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I am interested in exploring how workplaces are actually changing (not the hype). This blog is my place for thinking out loud about what I see happening - or not happening.

Monday, March 10, 2008












A minimalist approach to organisational dynamics


The image today is street sculpture, old tube trains, in the Spitalfields area of London.

I have been threatening to explore Weick's analysis of what happens when nine people work together. Weick recommends adopting a minimalist approach to understanding organisational dynamics. He reckons if you can understand nine, you can understand what can happens when thousands work together.

To me, this sounds useful in helping us better understand collaborative dynamics in enterprises. Part of the rationale for starting this blog is frustration at the sweeping claims made for how digital technologies like social computing, collaboration and mobile technologies, emerging at the same time as fundamental economic, demographic and geographic shifts, are going to lead to a tsunami of organisational transformation. I have said repeatedly in previous posts, who knows what will happen?

W.Edwards Deming is supposed to have said that “It is not necessary to change. Survival is not mandatory.” That's what I think. I also think that existing knowledge provides foundation, 'first principle' guidance on how to understand, anticipate and adapt for business leaders who are able and willing to change.

Weick's Analysis of Nine

Starting at the very beginning, Weick says that the dynamic action of organising is accomplished by processes, and that processes have elements that need to be described. The elements in organising are "individual behaviours interlocked among two or more people". The basic building block of organising is a dyad, that is two people. Behaviour between two people is contingent, that is influenced by and dependent on the behaviour of the other. People change each other's behaviour at the level of the dyad.

Weick calls this unit of analysis an interact. He says, "the unit of analysis in organising is contingent response patterns, patterns in which the actions of an actor, A, evokes a specific response in actor B - which is then responded to by actor A". This further response by actor A completes the sequence and is referred to as a 'double interact'.

The core contention his classic book, The Psychologyof Organising, is that the double interact is the stable component in organisational growth and decay (more about this much later).

Weick sees the crucial transition point in organising dynamics happening from:

one person to two

from two to three

from three to four

from four to seven

and from seven to nine.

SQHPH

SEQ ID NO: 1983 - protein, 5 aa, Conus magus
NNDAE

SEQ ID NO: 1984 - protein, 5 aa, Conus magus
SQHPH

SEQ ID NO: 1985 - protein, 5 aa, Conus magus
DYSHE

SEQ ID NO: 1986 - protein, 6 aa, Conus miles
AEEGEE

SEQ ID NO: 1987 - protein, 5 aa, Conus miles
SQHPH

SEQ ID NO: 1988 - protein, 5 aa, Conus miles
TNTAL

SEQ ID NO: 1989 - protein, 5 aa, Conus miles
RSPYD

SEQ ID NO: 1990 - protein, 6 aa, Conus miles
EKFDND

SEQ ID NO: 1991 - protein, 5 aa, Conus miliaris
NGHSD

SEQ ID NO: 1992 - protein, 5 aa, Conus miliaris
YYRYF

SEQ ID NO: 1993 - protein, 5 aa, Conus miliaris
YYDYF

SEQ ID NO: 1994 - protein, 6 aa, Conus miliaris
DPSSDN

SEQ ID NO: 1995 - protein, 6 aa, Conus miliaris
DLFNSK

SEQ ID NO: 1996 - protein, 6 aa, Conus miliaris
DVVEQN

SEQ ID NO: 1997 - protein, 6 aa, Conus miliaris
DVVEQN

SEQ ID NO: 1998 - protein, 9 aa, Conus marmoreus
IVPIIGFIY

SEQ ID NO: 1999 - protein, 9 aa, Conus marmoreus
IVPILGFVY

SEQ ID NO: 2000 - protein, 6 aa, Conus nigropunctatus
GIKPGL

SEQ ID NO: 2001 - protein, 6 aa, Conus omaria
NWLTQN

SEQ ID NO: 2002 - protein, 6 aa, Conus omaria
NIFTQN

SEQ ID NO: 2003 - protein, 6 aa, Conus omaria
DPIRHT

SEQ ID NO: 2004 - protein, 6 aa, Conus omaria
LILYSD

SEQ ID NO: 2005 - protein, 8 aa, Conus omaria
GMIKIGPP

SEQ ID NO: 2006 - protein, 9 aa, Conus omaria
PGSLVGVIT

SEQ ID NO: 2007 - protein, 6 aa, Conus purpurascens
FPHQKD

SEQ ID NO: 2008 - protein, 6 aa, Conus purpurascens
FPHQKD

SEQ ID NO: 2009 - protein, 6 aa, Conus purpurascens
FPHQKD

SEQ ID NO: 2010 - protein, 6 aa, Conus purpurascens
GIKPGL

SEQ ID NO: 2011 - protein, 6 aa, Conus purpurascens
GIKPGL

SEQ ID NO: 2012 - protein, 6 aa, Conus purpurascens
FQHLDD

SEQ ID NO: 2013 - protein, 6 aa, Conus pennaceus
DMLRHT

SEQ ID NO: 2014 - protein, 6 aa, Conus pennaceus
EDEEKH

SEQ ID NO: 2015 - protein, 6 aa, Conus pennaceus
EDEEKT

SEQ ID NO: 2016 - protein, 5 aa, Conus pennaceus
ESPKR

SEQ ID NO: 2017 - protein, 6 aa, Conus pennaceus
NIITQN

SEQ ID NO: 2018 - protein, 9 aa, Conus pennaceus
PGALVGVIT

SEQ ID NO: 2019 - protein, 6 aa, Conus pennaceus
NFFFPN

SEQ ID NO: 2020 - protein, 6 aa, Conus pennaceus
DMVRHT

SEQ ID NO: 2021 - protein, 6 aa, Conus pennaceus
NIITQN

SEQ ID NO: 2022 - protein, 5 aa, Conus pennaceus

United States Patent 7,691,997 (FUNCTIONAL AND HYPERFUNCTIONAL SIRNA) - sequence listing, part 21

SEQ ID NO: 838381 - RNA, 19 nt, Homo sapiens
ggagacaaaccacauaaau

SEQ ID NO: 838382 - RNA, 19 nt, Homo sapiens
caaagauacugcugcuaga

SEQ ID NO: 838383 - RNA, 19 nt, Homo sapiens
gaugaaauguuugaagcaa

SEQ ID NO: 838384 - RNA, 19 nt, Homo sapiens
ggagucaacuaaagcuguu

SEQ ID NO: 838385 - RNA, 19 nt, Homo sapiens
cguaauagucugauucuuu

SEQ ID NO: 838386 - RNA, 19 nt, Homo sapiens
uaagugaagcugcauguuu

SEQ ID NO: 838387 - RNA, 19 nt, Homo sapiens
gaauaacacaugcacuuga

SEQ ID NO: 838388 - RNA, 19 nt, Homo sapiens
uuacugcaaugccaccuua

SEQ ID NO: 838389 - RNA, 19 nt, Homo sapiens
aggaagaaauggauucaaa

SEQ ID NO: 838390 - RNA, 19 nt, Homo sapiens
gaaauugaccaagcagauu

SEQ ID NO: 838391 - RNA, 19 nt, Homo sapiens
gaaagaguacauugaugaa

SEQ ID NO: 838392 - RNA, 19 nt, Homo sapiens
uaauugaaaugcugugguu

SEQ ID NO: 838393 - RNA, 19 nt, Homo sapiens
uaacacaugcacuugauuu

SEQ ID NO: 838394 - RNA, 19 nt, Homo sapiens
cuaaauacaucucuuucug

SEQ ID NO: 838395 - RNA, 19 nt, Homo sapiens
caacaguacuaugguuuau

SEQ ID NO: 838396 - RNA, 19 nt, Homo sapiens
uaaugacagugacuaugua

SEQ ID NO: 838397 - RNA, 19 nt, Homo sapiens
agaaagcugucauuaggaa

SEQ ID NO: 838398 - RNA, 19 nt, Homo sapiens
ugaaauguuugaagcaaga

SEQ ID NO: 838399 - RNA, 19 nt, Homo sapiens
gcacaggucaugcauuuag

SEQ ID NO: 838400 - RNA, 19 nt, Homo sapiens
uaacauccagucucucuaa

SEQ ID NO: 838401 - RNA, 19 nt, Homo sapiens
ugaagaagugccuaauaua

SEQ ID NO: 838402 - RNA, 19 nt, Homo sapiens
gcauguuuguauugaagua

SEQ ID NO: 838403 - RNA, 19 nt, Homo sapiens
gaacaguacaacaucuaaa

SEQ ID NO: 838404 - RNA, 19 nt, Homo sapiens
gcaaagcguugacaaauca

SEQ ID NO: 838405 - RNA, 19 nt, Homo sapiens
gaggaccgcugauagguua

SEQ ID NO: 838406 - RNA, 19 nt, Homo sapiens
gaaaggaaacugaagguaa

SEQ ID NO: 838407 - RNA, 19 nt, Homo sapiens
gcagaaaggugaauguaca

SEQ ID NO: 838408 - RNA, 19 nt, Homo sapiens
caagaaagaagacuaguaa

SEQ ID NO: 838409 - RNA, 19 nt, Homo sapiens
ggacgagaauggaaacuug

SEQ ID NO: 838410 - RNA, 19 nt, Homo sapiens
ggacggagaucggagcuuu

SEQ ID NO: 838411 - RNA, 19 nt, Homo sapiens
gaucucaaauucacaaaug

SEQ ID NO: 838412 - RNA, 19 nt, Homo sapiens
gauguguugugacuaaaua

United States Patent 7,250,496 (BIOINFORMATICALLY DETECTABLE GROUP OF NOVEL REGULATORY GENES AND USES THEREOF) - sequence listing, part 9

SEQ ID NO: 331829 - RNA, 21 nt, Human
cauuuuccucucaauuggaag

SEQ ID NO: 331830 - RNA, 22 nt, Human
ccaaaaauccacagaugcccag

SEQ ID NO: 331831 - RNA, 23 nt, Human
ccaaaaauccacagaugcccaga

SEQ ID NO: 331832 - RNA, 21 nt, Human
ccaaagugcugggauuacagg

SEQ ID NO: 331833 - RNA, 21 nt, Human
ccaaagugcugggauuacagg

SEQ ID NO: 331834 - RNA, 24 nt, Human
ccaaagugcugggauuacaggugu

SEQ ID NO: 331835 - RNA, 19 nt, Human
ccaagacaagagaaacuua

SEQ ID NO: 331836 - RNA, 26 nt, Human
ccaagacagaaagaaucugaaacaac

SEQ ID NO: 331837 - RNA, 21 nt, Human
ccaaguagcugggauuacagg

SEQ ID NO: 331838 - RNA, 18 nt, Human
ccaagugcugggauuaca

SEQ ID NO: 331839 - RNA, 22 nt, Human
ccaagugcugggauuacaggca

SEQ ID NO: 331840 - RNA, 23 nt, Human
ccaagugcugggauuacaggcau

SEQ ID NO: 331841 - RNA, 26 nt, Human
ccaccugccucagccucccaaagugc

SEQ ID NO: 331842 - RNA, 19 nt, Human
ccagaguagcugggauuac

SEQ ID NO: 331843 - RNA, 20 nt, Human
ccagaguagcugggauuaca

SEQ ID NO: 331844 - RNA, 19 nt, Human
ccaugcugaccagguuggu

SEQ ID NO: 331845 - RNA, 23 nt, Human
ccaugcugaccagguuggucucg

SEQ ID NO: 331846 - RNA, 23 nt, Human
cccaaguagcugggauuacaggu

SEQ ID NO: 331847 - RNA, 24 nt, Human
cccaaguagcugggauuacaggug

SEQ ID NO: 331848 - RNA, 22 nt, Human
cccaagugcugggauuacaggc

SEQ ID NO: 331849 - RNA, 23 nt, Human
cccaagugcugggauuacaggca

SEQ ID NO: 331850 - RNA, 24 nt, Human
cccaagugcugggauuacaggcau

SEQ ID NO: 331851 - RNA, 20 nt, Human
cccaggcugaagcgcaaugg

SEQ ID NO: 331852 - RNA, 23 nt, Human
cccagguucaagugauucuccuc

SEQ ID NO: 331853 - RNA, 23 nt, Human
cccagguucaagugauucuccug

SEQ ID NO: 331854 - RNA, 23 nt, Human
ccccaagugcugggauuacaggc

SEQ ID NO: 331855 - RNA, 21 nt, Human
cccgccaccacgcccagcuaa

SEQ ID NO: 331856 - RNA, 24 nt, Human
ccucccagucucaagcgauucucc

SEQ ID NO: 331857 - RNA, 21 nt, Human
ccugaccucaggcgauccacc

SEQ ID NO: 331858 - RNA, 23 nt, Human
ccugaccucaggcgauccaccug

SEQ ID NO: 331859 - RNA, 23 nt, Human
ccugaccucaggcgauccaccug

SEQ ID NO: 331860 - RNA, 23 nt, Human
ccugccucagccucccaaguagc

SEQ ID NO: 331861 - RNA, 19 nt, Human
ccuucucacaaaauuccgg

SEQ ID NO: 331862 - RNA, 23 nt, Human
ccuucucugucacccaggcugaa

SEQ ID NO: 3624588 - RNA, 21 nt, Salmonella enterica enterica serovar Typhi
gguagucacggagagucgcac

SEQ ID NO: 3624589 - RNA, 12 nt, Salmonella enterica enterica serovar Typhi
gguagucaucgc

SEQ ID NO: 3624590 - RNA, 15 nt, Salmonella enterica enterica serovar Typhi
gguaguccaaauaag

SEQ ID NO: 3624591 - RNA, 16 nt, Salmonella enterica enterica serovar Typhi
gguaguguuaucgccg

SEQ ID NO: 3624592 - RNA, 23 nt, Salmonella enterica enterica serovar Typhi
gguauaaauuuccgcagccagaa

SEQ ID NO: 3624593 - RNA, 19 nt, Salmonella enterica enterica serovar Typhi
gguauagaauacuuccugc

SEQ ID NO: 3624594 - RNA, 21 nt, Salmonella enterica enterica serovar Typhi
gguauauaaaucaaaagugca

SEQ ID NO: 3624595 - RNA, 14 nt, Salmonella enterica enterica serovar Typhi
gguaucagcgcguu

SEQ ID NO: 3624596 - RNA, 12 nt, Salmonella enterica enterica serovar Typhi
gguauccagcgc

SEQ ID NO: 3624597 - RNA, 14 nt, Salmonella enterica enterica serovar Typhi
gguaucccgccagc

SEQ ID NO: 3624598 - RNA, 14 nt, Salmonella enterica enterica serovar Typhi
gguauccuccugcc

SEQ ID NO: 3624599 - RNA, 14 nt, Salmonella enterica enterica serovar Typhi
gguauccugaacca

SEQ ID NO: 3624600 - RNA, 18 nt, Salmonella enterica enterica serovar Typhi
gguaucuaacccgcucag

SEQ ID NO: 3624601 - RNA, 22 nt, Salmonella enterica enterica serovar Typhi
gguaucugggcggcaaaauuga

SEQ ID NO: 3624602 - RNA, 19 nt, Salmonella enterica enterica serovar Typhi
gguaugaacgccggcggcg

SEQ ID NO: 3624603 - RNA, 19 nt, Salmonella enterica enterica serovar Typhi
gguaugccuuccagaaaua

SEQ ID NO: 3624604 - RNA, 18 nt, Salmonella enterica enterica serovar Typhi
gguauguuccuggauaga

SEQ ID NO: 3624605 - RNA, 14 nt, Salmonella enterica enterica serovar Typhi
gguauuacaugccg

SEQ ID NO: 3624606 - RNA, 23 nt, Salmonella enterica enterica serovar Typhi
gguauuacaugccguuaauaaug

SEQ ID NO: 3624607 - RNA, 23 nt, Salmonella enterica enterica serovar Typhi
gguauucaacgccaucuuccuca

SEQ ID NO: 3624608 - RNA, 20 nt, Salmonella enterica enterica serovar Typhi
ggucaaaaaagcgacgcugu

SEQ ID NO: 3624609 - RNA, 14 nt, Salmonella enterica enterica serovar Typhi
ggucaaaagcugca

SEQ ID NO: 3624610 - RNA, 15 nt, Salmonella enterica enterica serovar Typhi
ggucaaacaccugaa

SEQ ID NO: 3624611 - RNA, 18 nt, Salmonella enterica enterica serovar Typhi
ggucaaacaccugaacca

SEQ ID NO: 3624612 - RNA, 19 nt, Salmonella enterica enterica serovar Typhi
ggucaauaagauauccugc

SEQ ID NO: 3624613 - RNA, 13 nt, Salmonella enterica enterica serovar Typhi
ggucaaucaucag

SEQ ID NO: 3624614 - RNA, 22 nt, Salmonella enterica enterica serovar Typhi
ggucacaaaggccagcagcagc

We have already seen that two creates interdependence, reciprocal behaviour and accomodation to another person. The next transition from two to three creates the possibility of alliances. As Weick says, this is a key transition point because now there is the possibility for control, co-operation, competition, manipulation and influence. He continues, "these phenomena, formerly suppressed, now become more visible and subject to manipulation and sanction".

Now in my mind, this begins to link with enterprise social networking and collaboration. Social networking technologies present the possibility of making visible previously hidden networked relationships and interactions. Even so, my experience of being a member of online networks has shown me that hidden dynamics still go underneath the apparent openness and and sharing.

Anyway, I am getting ahead of myself. I will continue with the other transitions in the next post. For the moment, I think my diagram (all rights reserved) shows how complex the interactions among just three people can be - one person is complex enough. And then our behaviour is highly dependent on another two complex and constantly changing people. That's even before the moderating influence of the social and physical environment is considered.

3 comments:

Benjamin said...

It sounds interesting! I look forward to reading. There are definitely going to be some new social scripts in the workplace, now that previously hidden relationships are increasingly visible. Or at least, that people think that they are increasingly visible.

Anne Marie McEwan said...

Hi Benjamin!

Thanks very much for your comment :-)).

I think that what people choose to make visible or not behind enterprise firewalls will be highly contingent - on prevailing culture (is it safe, trusting, is sharing what people do?), incentives for sharing (what's in it for those sharing?), what are the rewards etc - a whole host of factors.

Even where relationships and information flows are made more visible through social computing, you can be sure that invisible networks of relationships and information flows will continue to co-exist. I agree very mch with your view, "Or at least, that people think are increasingly visible"

Whether these informal networks are destructive or creative, well that is also contingent on the social and organisational environment.

In my opinion.

Benjamin said...

I think the issue is not just inside/outside the firewall. It is the 'departmental firewalls' that social media really disrupt. Managers used to employees communicating through them are suddenly out of the loop and there is full visibility into what their team is doing. That is scary stuff for many.

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